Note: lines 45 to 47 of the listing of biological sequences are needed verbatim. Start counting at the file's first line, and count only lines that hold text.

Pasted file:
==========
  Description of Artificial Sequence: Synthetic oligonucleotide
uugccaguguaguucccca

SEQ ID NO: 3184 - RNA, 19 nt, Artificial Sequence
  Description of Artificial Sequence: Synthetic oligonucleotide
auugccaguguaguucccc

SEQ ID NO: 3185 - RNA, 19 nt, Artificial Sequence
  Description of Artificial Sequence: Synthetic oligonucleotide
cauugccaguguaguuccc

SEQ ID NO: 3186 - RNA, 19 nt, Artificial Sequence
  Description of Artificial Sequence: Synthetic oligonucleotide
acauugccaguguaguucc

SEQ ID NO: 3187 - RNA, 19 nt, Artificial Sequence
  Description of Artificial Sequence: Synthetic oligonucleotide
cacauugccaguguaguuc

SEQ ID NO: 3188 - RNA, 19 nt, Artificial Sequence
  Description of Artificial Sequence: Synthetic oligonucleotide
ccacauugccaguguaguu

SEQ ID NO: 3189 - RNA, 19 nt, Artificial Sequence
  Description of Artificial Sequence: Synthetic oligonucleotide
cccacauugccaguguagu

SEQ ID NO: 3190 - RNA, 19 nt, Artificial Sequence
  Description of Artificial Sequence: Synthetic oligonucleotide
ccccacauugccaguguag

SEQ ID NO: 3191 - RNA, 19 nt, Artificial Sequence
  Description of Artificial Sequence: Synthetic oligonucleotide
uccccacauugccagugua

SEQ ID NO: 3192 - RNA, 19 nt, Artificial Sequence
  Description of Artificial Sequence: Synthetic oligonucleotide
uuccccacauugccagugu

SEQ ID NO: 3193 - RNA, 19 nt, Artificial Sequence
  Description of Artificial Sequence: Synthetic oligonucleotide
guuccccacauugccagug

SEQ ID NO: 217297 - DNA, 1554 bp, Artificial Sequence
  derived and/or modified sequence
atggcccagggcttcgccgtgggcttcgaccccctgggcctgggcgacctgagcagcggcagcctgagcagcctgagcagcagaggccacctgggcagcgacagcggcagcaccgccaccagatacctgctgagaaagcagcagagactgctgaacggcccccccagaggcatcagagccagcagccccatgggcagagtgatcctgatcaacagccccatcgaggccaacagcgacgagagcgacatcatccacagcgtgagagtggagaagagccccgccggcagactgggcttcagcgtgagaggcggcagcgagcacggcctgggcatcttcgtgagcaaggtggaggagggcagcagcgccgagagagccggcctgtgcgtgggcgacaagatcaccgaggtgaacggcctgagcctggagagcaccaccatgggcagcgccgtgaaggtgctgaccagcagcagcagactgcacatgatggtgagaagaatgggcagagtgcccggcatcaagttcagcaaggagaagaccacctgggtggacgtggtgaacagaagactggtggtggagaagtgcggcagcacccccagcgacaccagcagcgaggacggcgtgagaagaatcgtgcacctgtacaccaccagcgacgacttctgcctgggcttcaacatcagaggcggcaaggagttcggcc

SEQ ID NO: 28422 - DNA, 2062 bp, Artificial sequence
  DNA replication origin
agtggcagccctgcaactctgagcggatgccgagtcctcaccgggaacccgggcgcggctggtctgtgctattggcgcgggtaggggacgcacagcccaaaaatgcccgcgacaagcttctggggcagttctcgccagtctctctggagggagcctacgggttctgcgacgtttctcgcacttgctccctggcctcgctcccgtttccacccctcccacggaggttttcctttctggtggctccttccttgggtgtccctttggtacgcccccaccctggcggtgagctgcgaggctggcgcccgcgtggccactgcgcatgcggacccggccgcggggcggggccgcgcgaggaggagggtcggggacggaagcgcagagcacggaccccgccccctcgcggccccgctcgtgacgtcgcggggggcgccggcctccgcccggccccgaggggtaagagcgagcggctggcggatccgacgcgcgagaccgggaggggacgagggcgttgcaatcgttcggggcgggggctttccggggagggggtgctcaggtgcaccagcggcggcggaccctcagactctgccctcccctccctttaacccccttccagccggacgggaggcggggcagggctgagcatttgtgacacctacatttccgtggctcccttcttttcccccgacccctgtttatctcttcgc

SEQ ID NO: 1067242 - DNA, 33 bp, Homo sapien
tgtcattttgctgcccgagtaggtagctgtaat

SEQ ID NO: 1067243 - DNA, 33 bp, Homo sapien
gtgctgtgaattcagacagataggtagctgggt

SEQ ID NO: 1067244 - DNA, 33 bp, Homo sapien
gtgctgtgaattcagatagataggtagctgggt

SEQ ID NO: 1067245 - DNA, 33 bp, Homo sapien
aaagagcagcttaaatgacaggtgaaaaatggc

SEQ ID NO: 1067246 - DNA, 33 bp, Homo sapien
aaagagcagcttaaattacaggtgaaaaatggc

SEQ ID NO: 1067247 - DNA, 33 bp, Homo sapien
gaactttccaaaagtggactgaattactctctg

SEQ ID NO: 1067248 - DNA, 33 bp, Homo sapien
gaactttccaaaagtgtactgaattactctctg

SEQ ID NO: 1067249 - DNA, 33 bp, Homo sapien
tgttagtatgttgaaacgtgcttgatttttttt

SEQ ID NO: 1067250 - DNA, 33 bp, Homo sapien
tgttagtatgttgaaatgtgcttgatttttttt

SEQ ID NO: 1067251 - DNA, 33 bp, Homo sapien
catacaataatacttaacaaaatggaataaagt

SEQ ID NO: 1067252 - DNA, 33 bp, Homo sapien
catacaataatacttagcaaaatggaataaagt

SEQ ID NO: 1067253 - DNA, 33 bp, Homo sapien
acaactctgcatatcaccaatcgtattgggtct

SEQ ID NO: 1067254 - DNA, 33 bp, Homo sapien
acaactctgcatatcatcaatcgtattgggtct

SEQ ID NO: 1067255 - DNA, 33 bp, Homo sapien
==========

SEQ ID NO: 1067245 - DNA, 33 bp, Homo sapien
aaagagcagcttaaatgacaggtgaaaaatggc

SEQ ID NO: 1067246 - DNA, 33 bp, Homo sapien